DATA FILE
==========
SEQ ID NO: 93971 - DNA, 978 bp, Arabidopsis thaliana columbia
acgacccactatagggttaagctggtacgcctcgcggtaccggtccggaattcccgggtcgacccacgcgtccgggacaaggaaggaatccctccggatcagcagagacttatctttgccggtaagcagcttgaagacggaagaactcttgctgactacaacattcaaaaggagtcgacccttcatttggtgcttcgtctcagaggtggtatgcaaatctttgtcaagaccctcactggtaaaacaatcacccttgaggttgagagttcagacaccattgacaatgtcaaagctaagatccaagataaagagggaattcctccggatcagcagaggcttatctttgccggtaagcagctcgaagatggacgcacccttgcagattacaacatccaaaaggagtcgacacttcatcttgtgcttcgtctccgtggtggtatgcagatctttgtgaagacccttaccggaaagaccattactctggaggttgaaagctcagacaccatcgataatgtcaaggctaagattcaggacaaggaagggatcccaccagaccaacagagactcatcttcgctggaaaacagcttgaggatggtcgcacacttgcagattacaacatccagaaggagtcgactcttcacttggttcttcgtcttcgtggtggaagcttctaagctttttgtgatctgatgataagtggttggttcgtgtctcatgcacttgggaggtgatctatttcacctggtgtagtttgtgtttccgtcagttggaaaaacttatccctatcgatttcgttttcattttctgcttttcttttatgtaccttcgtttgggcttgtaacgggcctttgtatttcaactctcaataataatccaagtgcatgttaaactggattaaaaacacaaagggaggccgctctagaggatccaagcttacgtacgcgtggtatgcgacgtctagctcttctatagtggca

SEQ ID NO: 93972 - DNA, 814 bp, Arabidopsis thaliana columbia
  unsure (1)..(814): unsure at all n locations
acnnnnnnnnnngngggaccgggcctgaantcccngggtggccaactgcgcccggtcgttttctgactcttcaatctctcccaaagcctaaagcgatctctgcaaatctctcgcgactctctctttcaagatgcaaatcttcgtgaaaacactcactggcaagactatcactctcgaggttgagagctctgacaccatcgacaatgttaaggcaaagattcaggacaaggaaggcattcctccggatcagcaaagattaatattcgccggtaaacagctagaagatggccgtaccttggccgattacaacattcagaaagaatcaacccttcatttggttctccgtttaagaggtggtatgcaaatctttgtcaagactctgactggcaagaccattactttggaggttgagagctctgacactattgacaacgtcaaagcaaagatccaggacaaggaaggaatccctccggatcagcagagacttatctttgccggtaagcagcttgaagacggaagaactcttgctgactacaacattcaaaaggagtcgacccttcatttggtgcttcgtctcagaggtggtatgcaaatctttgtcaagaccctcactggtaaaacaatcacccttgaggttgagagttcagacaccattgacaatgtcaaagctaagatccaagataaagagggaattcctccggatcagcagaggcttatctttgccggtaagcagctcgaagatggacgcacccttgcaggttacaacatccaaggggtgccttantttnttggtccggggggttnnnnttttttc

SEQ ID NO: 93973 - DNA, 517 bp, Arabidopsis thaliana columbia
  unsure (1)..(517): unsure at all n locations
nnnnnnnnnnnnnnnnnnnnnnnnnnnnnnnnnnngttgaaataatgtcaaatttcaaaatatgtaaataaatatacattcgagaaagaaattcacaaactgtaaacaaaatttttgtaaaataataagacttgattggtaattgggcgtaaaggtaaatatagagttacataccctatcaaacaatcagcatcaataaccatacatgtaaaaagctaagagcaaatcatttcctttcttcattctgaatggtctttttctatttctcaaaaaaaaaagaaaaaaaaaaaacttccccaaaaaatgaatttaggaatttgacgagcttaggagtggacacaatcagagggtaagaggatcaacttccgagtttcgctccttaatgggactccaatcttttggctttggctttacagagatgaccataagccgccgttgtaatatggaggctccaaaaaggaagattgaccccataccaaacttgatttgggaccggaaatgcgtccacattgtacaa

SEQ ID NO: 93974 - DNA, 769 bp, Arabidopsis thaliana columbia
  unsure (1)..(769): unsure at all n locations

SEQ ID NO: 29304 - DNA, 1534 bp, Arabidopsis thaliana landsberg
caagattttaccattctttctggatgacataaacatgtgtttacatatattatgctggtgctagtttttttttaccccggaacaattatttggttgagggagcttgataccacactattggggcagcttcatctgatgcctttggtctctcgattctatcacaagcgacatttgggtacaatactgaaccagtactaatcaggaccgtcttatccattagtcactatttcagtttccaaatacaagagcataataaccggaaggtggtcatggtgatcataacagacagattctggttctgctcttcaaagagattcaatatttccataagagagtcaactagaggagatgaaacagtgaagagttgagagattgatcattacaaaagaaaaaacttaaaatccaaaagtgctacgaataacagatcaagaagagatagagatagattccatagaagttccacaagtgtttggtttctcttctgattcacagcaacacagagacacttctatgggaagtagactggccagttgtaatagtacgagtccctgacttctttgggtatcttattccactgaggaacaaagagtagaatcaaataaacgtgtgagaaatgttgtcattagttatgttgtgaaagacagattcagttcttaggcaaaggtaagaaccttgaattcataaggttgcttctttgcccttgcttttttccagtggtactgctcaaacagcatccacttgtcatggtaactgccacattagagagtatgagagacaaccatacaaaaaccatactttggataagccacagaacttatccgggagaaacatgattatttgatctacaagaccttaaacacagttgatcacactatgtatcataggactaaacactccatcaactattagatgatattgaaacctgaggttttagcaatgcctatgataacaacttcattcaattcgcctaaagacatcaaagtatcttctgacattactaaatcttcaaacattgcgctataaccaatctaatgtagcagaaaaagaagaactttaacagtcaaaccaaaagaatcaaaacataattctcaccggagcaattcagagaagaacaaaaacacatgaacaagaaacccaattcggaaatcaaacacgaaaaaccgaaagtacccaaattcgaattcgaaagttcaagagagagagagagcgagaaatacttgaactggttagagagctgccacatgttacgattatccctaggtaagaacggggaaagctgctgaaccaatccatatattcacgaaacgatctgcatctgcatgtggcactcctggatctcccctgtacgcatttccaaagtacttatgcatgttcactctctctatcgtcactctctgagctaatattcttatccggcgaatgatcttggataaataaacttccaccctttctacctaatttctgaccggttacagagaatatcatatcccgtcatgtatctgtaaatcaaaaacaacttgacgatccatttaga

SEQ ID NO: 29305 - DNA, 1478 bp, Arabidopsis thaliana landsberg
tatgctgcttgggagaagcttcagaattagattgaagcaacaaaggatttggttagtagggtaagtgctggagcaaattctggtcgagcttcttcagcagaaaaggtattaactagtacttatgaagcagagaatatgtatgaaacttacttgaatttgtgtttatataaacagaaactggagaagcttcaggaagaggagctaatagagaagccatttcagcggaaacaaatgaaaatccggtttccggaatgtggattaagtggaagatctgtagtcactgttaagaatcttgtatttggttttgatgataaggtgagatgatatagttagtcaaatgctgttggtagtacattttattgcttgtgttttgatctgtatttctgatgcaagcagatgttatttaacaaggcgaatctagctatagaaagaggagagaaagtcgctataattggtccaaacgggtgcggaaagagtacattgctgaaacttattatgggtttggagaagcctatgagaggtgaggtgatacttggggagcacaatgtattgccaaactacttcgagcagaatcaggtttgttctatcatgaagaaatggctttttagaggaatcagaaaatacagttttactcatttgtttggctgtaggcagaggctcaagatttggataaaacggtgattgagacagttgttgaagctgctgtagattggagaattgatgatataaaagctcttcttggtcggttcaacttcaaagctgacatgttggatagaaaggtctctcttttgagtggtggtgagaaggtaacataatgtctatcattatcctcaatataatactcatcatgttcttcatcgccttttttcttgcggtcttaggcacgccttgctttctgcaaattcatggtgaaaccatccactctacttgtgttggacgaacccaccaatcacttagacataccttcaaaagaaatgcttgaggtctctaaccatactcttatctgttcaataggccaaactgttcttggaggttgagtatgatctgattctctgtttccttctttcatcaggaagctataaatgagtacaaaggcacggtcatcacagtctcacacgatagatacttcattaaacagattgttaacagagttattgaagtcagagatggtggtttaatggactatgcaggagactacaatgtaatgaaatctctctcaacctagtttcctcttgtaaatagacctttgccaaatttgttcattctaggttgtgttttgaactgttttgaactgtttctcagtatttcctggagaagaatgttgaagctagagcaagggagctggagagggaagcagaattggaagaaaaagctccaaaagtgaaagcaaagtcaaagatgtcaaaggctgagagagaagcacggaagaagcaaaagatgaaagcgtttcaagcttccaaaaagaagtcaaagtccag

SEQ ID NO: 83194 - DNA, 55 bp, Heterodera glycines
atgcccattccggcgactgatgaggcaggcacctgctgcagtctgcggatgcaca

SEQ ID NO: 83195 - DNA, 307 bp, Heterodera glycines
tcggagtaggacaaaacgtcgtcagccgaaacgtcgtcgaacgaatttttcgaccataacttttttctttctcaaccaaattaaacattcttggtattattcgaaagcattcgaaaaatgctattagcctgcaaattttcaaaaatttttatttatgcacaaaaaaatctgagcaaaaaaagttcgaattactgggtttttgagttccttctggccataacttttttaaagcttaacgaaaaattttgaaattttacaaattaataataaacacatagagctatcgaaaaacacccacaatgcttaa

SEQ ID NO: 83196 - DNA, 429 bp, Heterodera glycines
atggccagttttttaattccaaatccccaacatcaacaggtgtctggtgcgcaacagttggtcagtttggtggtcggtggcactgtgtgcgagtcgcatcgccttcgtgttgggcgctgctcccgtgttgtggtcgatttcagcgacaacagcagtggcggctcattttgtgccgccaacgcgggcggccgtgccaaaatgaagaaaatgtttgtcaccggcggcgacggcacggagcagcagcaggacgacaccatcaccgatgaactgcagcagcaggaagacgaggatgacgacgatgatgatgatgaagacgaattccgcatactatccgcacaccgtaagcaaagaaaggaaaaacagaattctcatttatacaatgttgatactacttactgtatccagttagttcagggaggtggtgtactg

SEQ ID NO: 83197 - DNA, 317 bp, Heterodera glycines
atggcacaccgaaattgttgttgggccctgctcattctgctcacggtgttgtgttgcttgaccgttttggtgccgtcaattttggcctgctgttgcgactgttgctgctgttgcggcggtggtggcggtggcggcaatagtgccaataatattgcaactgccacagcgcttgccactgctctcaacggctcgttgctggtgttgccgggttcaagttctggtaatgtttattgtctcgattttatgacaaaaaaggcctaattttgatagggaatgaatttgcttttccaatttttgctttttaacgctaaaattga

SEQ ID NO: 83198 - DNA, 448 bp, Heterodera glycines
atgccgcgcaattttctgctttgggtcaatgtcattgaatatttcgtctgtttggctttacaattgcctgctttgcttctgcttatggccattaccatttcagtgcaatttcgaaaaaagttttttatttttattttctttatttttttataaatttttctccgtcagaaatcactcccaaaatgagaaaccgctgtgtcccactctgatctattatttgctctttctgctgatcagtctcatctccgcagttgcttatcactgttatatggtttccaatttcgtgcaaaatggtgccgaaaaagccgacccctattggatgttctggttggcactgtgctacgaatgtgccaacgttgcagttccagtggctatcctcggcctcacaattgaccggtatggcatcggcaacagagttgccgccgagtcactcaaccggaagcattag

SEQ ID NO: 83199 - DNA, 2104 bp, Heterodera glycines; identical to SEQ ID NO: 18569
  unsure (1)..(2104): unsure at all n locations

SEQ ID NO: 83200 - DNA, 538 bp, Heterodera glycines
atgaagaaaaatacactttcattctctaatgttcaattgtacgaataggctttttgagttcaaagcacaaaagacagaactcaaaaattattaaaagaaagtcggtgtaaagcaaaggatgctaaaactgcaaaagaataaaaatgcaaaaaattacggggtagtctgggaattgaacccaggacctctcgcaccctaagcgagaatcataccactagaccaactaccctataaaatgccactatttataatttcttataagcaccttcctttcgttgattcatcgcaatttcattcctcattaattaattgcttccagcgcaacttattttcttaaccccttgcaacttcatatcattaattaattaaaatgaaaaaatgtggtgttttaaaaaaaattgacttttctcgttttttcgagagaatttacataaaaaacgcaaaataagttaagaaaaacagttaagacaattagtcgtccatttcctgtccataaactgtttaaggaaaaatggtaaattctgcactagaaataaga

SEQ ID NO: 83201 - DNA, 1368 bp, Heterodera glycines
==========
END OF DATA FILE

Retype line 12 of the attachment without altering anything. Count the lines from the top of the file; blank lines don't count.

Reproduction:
caagattttaccattctttctggatgacataaacatgtgtttacatatattatgctggtgctagtttttttttaccccggaacaattatttggttgagggagcttgataccacactattggggcagcttcatctgatgcctttggtctctcgattctatcacaagcgacatttgggtacaatactgaaccagtactaatcaggaccgtcttatccattagtcactatttcagtttccaaatacaagagcataataaccggaaggtggtcatggtgatcataacagacagattctggttctgctcttcaaagagattcaatatttccataagagagtcaactagaggagatgaaacagtgaagagttgagagattgatcattacaaaagaaaaaacttaaaatccaaaagtgctacgaataacagatcaagaagagatagagatagattccatagaagttccacaagtgtttggtttctcttctgattcacagcaacacagagacacttctatgggaagtagactggccagttgtaatagtacgagtccctgacttctttgggtatcttattccactgaggaacaaagagtagaatcaaataaacgtgtgagaaatgttgtcattagttatgttgtgaaagacagattcagttcttaggcaaaggtaagaaccttgaattcataaggttgcttctttgcccttgcttttttccagtggtactgctcaaacagcatccacttgtcatggtaactgccacattagagagtatgagagacaaccatacaaaaaccatactttggataagccacagaacttatccgggagaaacatgattatttgatctacaagaccttaaacacagttgatcacactatgtatcataggactaaacactccatcaactattagatgatattgaaacctgaggttttagcaatgcctatgataacaacttcattcaattcgcctaaagacatcaaagtatcttctgacattactaaatcttcaaacattgcgctataaccaatctaatgtagcagaaaaagaagaactttaacagtcaaaccaaaagaatcaaaacataattctcaccggagcaattcagagaagaacaaaaacacatgaacaagaaacccaattcggaaatcaaacacgaaaaaccgaaagtacccaaattcgaattcgaaagttcaagagagagagagagcgagaaatacttgaactggttagagagctgccacatgttacgattatccctaggtaagaacggggaaagctgctgaaccaatccatatattcacgaaacgatctgcatctgcatgtggcactcctggatctcccctgtacgcatttccaaagtacttatgcatgttcactctctctatcgtcactctctgagctaatattcttatccggcgaatgatcttggataaataaacttccaccctttctacctaatttctgaccggttacagagaatatcatatcccgtcatgtatctgtaaatcaaaaacaacttgacgatccatttaga